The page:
So I got back on the plane and settled into my seat.  Had a good loud moan with the rest of the passengers in our cabin about our experience.  Had a single glass of champagne (which I generally do not do when I fly long haul, I only drink water) and then ate something and went to sleep.

Landing in Heathrow was a very different experience.

Queues were small.  Staff were cheerful.

I got into the terminal and it was familiar and comforting.

Walked around for a bit taking in the very British feel of the terminal.

By the time I got to the lounge I was pretty tired of walking, and found out that my flight was cancelled.


Being the seasoned, and ever so reasonable traveler that I am, I decided to chill out and head for the showers at the United Airlines lounge.  Here, I enjoyed a leisurely hour and a half just showering, grooming and being locked away from people.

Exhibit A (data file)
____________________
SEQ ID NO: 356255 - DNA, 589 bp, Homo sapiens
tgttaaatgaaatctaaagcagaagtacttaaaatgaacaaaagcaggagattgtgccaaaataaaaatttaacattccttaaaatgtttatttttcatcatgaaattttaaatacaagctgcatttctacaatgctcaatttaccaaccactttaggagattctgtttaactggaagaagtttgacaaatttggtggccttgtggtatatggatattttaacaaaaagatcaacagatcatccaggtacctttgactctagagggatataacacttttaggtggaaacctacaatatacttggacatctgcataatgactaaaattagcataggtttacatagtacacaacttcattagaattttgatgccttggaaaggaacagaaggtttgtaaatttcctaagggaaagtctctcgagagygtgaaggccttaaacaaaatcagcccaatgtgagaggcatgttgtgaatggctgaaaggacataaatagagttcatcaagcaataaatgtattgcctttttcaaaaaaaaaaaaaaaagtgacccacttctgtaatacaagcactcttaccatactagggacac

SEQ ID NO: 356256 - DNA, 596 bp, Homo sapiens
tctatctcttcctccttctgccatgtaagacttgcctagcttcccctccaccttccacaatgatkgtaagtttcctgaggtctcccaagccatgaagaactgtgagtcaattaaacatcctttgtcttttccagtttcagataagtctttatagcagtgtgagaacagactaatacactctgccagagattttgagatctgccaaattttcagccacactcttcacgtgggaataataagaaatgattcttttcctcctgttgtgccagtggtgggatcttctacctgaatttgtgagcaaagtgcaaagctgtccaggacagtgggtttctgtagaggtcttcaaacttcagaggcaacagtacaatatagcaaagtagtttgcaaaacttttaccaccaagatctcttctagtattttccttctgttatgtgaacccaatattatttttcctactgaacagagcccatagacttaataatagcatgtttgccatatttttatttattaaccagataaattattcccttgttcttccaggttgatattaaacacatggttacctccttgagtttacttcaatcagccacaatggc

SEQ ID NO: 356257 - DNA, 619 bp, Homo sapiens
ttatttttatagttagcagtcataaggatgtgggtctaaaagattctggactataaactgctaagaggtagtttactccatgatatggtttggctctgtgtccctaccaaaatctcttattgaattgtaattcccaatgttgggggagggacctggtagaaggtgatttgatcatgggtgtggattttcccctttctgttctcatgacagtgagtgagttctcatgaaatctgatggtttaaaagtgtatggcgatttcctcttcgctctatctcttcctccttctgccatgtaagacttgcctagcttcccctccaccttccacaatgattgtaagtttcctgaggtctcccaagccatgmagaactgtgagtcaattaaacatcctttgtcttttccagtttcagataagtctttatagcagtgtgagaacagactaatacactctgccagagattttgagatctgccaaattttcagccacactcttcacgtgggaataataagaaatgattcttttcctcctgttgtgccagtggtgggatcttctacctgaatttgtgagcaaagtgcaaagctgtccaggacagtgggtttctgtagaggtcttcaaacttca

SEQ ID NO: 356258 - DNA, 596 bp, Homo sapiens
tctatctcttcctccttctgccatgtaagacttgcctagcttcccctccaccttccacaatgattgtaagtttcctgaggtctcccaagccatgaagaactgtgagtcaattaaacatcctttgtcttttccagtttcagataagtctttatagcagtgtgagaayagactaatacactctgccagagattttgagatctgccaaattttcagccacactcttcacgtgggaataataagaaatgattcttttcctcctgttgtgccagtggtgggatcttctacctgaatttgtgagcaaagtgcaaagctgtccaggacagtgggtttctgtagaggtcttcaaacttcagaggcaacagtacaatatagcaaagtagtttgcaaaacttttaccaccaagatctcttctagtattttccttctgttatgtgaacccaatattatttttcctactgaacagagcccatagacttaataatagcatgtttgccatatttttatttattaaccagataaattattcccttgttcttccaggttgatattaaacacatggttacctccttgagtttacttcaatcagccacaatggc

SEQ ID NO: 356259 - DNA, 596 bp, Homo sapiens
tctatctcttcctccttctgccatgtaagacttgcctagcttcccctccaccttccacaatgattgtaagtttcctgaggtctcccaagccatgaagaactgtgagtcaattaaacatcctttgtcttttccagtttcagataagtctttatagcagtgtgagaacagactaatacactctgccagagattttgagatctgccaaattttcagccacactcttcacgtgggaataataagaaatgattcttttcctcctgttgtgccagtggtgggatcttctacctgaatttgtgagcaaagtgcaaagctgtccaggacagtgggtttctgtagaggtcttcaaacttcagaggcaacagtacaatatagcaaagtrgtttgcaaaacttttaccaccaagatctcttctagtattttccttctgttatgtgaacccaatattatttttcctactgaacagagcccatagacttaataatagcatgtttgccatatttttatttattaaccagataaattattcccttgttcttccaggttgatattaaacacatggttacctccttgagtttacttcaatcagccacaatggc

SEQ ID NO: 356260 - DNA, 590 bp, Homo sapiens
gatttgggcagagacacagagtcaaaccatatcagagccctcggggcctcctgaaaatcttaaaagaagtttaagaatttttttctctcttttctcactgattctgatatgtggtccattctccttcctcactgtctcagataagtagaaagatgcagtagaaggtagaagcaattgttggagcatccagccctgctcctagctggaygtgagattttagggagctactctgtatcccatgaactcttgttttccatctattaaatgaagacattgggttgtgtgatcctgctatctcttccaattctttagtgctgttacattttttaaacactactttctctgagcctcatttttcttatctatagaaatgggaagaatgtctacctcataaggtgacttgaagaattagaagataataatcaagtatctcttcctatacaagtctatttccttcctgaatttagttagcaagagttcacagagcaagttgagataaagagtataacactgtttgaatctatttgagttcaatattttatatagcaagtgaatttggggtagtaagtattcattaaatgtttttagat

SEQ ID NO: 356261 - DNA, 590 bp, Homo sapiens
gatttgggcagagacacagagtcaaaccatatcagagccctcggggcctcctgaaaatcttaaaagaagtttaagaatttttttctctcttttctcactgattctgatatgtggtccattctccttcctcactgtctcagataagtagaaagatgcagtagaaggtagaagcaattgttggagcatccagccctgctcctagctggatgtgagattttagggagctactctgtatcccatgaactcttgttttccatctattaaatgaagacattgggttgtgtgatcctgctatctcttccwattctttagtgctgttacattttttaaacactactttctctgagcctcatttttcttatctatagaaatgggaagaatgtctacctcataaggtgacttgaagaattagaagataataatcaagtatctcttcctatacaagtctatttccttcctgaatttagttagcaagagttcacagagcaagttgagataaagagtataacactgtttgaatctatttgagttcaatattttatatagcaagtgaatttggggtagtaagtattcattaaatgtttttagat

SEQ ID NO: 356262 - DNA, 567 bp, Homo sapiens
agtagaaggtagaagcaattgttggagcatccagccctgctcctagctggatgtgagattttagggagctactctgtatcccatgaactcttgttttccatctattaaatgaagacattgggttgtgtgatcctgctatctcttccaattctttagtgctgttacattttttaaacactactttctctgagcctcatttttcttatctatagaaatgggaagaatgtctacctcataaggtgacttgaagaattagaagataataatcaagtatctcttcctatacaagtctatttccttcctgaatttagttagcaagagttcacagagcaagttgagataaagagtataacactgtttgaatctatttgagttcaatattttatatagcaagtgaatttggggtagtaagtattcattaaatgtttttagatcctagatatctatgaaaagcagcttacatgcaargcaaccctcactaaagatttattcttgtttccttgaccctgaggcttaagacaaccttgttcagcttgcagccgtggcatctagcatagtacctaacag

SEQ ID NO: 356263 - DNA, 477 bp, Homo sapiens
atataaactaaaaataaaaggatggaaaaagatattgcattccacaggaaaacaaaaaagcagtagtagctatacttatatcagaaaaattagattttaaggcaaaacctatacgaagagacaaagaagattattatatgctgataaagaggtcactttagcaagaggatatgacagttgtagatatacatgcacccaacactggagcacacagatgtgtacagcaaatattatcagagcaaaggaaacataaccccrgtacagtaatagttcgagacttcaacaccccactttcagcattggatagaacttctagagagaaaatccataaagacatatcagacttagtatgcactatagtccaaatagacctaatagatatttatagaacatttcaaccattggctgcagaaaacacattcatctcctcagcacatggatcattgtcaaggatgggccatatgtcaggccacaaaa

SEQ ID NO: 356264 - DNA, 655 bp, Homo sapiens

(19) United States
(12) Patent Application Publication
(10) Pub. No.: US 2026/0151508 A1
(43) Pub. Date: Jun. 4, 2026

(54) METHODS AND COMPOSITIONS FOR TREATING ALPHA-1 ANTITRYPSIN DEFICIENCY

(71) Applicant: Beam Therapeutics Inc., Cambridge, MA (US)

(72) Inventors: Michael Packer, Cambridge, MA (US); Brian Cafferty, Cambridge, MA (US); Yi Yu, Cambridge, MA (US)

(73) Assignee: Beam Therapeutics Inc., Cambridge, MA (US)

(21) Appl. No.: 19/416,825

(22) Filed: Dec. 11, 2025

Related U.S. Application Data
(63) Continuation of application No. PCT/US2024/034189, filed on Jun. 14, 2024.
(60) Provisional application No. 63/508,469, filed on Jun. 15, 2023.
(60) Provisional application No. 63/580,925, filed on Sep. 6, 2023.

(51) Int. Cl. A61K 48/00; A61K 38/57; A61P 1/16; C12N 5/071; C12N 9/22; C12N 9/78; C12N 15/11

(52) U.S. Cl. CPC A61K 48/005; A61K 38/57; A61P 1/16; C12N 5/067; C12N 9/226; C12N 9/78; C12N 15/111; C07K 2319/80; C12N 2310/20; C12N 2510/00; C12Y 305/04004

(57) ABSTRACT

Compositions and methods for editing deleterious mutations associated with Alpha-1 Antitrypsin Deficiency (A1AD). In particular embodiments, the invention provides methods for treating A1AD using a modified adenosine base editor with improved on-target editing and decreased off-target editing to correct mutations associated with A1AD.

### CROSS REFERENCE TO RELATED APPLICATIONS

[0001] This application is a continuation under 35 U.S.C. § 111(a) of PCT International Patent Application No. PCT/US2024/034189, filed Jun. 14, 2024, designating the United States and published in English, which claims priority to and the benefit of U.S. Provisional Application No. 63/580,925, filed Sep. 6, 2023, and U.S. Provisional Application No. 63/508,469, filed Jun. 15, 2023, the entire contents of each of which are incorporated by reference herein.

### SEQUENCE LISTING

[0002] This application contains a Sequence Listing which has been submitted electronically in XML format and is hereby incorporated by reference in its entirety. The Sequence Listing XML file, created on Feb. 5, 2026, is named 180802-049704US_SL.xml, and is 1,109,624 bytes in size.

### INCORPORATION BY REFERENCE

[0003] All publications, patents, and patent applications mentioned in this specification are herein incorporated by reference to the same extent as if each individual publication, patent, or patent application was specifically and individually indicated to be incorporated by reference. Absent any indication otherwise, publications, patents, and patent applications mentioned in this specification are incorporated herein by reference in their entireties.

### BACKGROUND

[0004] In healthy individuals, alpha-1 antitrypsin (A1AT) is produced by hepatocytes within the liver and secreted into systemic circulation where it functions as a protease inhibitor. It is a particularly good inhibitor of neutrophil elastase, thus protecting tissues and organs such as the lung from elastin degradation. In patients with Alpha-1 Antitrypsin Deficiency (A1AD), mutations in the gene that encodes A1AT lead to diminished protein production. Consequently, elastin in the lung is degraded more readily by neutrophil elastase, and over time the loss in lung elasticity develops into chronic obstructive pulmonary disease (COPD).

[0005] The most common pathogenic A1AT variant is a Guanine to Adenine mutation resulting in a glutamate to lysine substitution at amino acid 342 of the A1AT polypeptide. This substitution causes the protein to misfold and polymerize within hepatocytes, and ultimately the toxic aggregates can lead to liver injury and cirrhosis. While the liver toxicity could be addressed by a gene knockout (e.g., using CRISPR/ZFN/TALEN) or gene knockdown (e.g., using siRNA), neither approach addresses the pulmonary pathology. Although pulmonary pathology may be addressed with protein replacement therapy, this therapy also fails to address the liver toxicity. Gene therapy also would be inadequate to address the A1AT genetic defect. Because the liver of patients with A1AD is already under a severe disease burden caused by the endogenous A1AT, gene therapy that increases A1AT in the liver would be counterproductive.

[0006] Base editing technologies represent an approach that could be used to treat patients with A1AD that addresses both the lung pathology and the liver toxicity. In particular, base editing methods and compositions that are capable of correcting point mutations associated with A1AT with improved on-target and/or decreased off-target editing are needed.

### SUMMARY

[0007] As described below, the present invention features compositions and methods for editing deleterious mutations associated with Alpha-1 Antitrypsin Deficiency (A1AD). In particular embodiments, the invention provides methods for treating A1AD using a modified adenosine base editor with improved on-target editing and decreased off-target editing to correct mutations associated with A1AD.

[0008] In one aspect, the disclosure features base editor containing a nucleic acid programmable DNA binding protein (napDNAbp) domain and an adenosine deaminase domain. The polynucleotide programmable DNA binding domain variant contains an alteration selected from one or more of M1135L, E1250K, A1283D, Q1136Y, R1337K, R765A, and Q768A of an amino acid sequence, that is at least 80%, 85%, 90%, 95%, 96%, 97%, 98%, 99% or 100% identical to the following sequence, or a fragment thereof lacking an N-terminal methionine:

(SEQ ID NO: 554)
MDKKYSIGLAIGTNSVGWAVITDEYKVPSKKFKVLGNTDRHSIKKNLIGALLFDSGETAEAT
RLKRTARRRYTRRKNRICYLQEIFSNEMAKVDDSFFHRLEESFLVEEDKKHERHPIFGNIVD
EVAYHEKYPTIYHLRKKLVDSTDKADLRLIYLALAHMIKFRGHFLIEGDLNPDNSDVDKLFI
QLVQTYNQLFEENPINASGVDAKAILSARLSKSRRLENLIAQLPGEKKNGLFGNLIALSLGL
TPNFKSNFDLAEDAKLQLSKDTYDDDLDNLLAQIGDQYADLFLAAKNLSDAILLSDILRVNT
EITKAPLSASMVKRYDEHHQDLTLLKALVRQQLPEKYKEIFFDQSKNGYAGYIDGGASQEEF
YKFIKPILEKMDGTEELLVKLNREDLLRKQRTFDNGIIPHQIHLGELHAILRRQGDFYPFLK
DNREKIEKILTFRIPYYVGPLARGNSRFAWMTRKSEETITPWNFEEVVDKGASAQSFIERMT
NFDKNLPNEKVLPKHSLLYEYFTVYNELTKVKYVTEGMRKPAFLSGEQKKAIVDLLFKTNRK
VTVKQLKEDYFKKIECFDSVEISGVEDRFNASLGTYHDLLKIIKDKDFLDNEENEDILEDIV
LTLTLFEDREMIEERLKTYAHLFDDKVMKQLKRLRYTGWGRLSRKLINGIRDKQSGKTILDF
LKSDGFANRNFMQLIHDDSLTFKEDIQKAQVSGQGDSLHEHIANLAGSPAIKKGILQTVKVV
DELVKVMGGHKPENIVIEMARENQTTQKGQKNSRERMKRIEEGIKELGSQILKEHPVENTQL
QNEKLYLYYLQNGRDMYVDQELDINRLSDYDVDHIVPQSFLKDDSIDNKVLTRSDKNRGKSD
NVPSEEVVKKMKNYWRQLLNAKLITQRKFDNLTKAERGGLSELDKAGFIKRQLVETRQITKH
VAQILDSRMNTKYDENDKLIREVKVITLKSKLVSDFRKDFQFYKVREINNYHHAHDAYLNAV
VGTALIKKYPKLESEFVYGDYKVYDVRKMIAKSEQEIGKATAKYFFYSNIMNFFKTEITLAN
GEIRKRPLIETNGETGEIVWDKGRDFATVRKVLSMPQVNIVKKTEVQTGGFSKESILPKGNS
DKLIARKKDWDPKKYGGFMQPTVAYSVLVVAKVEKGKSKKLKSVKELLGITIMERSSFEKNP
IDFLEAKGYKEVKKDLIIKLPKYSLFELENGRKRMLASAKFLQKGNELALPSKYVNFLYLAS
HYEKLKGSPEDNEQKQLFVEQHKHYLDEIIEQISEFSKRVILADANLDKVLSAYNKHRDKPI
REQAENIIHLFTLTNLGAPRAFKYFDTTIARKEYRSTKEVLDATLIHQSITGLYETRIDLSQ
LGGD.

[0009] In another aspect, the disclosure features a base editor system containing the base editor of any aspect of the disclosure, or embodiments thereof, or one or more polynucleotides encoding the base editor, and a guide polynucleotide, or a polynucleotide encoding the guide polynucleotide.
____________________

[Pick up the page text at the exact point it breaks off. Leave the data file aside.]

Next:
I took some pictures of the facilities. The United Club was very pleasant indeed, I didn’t stop to eat or drink anything as I had so much time I went exploring after my shower.



I decided to go on an adventure around the terminals.  Heathrow is MASSIVE!  And there are people coming and going and connecting and scurrying all over the place.

At one point, I was trying to pass from one terminal to another along a corridor, but the door was closed for some reason.  A large group of people had congregated at the bottleneck and some were getting obviously anxious.  I try not to get anxious when I travel, but I guess I could understand why these people were antsy.  Especially those with children or tight connections to contend with.


A man with a walkie talkie came and opened the door and the traffic flowed through with very little drama.